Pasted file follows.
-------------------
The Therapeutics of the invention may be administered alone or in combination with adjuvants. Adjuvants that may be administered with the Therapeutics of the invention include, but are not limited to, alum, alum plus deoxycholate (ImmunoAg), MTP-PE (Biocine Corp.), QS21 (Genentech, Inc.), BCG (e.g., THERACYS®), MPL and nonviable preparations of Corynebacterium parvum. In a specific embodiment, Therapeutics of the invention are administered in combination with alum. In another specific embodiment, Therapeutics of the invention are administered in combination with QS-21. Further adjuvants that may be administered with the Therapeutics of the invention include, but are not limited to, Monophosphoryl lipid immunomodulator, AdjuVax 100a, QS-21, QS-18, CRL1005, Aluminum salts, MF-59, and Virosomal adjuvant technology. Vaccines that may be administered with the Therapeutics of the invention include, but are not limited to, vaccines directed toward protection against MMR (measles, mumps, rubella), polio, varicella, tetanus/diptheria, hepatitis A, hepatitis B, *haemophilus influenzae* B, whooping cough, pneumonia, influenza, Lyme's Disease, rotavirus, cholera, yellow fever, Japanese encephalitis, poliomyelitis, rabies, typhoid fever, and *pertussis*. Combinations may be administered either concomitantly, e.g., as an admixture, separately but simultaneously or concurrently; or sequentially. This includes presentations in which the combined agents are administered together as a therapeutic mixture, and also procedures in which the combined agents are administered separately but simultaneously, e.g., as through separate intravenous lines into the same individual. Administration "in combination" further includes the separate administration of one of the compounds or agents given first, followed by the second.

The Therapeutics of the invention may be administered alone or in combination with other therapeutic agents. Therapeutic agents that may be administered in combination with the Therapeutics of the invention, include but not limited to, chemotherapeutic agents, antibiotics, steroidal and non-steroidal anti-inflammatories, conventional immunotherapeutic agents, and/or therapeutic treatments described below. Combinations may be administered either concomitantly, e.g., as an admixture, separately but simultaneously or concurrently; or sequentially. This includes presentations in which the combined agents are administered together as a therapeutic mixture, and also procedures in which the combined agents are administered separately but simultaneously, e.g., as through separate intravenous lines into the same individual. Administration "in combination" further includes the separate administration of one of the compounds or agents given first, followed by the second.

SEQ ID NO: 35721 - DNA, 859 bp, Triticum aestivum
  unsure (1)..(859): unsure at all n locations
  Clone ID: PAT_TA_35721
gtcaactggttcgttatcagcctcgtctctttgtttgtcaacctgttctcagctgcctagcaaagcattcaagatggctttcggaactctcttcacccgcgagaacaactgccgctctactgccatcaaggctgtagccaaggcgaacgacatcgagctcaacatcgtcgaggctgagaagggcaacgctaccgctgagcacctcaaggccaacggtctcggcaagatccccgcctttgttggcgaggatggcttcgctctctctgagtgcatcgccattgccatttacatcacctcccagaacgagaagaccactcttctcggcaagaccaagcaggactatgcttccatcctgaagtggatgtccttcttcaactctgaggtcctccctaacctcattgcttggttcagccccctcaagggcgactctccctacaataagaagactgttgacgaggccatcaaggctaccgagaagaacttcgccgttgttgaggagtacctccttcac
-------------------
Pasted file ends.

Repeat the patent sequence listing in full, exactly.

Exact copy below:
The Therapeutics of the invention may be administered alone or in combination with adjuvants. Adjuvants that may be administered with the Therapeutics of the invention include, but are not limited to, alum, alum plus deoxycholate (ImmunoAg), MTP-PE (Biocine Corp.), QS21 (Genentech, Inc.), BCG (e.g., THERACYS®), MPL and nonviable preparations of Corynebacterium parvum. In a specific embodiment, Therapeutics of the invention are administered in combination with alum. In another specific embodiment, Therapeutics of the invention are administered in combination with QS-21. Further adjuvants that may be administered with the Therapeutics of the invention include, but are not limited to, Monophosphoryl lipid immunomodulator, AdjuVax 100a, QS-21, QS-18, CRL1005, Aluminum salts, MF-59, and Virosomal adjuvant technology. Vaccines that may be administered with the Therapeutics of the invention include, but are not limited to, vaccines directed toward protection against MMR (measles, mumps, rubella), polio, varicella, tetanus/diptheria, hepatitis A, hepatitis B, *haemophilus influenzae* B, whooping cough, pneumonia, influenza, Lyme's Disease, rotavirus, cholera, yellow fever, Japanese encephalitis, poliomyelitis, rabies, typhoid fever, and *pertussis*. Combinations may be administered either concomitantly, e.g., as an admixture, separately but simultaneously or concurrently; or sequentially. This includes presentations in which the combined agents are administered together as a therapeutic mixture, and also procedures in which the combined agents are administered separately but simultaneously, e.g., as through separate intravenous lines into the same individual. Administration "in combination" further includes the separate administration of one of the compounds or agents given first, followed by the second.

The Therapeutics of the invention may be administered alone or in combination with other therapeutic agents. Therapeutic agents that may be administered in combination with the Therapeutics of the invention, include but not limited to, chemotherapeutic agents, antibiotics, steroidal and non-steroidal anti-inflammatories, conventional immunotherapeutic agents, and/or therapeutic treatments described below. Combinations may be administered either concomitantly, e.g., as an admixture, separately but simultaneously or concurrently; or sequentially. This includes presentations in which the combined agents are administered together as a therapeutic mixture, and also procedures in which the combined agents are administered separately but simultaneously, e.g., as through separate intravenous lines into the same individual. Administration "in combination" further includes the separate administration of one of the compounds or agents given first, followed by the second.

SEQ ID NO: 35721 - DNA, 859 bp, Triticum aestivum
  unsure (1)..(859): unsure at all n locations
  Clone ID: PAT_TA_35721
gtcaactggttcgttatcagcctcgtctctttgtttgtcaacctgttctcagctgcctagcaaagcattcaagatggctttcggaactctcttcacccgcgagaacaactgccgctctactgccatcaaggctgtagccaaggcgaacgacatcgagctcaacatcgtcgaggctgagaagggcaacgctaccgctgagcacctcaaggccaacggtctcggcaagatccccgcctttgttggcgaggatggcttcgctctctctgagtgcatcgccattgccatttacatcacctcccagaacgagaagaccactcttctcggcaagaccaagcaggactatgcttccatcctgaagtggatgtccttcttcaactctgaggtcctccctaacctcattgcttggttcagccccctcaagggcgactctccctacaataagaagactgttgacgaggccatcaaggctaccgagaagaacttcgccgttgttgaggagtacctccttcac